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Classical Latin pr{o}miscuus (see PROMISCUOUS adj.) + -ITY suffix. In later use probably reinforced by French promiscuité confused and indiscriminate mix (1731 with reference to people, 1832 with reference to things), promiscuous sexual behavior (1839 or earlier) < classical Latin pr{o}miscuus + French -ité -ITY suffix. Compare Spanish promiscuidad (a1795 or earlier), Portuguese promiscuidade (1813), Italian promiscuità (1611).


  • 1. The quality or condition of being promiscuous; indiscriminate order, confusion.
  • 2. Promiscuous sexual behaviour; the frequent, casual changing of sexual partners.
  • 3. The ability of a protein, organism, etc., to interact with a variety of targets or in a non-specific manner; spec. the propensity of a plasmid, pathogenic organism, etc., to infect many different hosts.
  • 4. In full intracellular promiscuity. The transfer of DNA segments between genomes within a eukaryotic cell, e.g. between mitochondria and chloroplasts or between an organelle and the nucleus.


In human sexual behavior, promiscuity denotes sex with relatively many partners. In polygamy it is distinguished from promiscuity.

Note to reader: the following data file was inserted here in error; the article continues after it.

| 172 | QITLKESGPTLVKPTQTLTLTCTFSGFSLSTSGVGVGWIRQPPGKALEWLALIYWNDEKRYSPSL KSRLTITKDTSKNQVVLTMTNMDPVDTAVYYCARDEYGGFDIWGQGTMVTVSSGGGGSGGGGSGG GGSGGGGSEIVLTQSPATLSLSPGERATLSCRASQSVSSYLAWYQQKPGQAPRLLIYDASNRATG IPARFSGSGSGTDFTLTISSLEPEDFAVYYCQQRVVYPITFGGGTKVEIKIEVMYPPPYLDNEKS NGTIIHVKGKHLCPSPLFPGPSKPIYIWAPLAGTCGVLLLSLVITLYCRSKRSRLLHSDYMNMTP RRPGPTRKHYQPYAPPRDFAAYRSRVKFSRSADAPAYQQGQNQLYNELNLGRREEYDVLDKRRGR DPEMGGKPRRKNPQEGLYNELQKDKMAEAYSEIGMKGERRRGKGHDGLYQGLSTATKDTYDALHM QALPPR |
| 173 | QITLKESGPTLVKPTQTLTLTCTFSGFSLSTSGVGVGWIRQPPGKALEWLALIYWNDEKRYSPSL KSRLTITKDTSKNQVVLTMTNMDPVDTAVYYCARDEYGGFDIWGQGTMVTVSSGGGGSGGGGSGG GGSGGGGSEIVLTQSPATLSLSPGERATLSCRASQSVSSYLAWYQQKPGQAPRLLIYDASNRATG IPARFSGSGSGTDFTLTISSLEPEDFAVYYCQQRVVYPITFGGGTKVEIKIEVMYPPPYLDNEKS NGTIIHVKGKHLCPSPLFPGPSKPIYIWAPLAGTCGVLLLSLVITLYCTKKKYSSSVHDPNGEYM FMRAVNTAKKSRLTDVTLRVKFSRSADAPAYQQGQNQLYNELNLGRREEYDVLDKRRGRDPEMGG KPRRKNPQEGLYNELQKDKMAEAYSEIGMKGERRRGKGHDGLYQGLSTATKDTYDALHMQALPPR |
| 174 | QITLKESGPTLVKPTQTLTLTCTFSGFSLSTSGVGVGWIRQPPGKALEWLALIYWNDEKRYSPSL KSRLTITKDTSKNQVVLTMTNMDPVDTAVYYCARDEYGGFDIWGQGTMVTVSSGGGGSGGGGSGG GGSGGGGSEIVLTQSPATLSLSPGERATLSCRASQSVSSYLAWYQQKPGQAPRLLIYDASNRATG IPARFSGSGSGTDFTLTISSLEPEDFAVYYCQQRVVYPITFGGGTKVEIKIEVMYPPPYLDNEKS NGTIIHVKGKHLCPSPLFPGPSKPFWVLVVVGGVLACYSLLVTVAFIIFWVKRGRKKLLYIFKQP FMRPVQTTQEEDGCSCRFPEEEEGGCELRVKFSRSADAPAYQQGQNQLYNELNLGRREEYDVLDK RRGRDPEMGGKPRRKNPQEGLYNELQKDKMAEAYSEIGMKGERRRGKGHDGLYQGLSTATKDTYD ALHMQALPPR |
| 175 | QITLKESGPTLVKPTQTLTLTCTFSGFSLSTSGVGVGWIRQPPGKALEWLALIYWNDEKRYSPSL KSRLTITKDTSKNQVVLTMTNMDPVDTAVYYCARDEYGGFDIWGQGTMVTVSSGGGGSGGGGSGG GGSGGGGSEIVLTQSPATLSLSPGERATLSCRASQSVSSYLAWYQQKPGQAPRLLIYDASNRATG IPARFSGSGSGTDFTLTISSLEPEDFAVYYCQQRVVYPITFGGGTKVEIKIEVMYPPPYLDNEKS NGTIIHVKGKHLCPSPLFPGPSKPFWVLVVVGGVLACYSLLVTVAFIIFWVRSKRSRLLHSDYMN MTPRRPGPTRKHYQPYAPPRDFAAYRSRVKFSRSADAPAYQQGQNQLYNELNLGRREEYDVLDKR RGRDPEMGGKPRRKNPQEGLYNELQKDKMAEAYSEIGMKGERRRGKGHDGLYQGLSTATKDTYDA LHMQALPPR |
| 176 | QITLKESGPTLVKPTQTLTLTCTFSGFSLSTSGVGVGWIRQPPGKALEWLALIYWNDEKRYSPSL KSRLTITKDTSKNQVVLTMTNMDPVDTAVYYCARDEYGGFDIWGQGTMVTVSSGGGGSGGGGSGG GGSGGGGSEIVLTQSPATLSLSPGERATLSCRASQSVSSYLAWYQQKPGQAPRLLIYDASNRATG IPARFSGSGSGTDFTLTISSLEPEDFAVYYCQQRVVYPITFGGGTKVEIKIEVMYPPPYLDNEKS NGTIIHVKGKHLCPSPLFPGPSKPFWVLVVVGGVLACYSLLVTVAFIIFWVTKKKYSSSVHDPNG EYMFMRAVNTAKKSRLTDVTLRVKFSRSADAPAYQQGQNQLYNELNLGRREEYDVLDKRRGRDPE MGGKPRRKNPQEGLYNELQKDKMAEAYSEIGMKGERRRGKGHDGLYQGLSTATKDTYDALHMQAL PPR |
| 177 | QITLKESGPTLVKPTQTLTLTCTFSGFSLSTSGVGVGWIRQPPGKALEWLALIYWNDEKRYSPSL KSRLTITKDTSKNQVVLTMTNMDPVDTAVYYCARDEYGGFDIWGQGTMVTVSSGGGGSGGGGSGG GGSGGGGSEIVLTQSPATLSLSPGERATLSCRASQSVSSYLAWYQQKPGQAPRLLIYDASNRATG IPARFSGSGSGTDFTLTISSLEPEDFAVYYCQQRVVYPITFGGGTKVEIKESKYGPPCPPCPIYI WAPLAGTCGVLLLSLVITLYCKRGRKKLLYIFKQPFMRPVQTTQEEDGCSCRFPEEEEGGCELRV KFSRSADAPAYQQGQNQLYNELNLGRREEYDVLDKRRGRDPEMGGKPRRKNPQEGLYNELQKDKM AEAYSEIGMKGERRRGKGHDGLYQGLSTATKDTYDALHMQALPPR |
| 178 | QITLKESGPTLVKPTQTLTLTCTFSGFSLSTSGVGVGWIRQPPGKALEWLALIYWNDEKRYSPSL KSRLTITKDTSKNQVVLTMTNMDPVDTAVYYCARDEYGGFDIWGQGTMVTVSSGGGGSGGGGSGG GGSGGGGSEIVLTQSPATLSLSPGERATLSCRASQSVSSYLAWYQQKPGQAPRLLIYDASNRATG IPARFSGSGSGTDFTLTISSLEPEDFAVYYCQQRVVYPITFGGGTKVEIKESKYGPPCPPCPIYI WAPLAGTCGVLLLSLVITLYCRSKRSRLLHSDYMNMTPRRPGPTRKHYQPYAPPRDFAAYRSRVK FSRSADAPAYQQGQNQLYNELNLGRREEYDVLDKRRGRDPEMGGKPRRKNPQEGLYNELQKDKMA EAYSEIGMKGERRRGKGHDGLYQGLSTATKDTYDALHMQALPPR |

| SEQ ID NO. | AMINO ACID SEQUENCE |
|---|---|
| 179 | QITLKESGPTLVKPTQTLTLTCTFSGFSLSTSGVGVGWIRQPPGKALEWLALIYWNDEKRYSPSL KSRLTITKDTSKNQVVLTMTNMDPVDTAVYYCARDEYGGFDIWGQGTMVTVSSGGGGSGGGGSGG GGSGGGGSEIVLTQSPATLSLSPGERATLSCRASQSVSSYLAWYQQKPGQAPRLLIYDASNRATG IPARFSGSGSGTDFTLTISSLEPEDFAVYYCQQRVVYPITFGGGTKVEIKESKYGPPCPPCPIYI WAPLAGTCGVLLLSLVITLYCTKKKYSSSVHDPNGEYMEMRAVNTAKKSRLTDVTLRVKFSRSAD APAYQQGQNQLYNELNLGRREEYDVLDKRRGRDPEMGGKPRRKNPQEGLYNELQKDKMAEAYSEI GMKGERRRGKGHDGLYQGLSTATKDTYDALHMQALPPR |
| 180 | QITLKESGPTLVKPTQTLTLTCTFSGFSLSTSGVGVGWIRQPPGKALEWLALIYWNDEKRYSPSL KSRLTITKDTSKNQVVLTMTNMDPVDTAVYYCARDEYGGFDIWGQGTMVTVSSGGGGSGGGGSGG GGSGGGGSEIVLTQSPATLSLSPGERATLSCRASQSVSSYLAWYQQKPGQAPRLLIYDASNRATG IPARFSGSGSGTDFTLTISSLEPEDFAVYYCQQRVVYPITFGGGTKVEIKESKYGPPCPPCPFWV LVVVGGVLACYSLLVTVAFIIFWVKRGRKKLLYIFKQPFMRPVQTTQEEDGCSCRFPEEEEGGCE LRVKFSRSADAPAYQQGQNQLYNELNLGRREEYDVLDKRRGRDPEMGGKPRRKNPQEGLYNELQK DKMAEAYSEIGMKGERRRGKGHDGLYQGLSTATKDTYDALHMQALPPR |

Promiscuity is common in many animal species. Some species have promiscuous mating systems, ranging from polyandry and polygyny to mating systems with no stable relationships where mating between two individuals is a one-time event. Many species form stable pair bonds but still mate with other individuals outside the pair. In biology, incidents of promiscuity in species that form pair bonds are usually called extra-pair copulations.

Human promiscuity

What sexual behavior is considered socially acceptable, and what behavior is "promiscuous", varies much among different cultures, and within a culture different standards are often applied to people of different gender and civil status. In many cultures, while male promiscuity previously had glamorous connotations that acted as an affirmation of masculinity, female promiscuity was seen as a sign of emotional instability and loose morals in women.

These standards are not universal. Indeed, in some Germanic tribes in the first century BC (according to Julius Caesar in his Commentarii de Bello Gallico), it was scandalous for a man to have sexual relations before his twentieth birthday.

Accurately assessing people's sexual behavior is difficult, since there are strong social and personal motivations, depending on social sanctions and taboos, for either minimizing or exaggerating reported sexual activity. Extensive research has produced mathematical models of sexual behavior comparing the results generated with the observed prevalence of sexually transmitted illnesses (STIs) to statistically estimate the probable sexual behavior of the studied population.[1]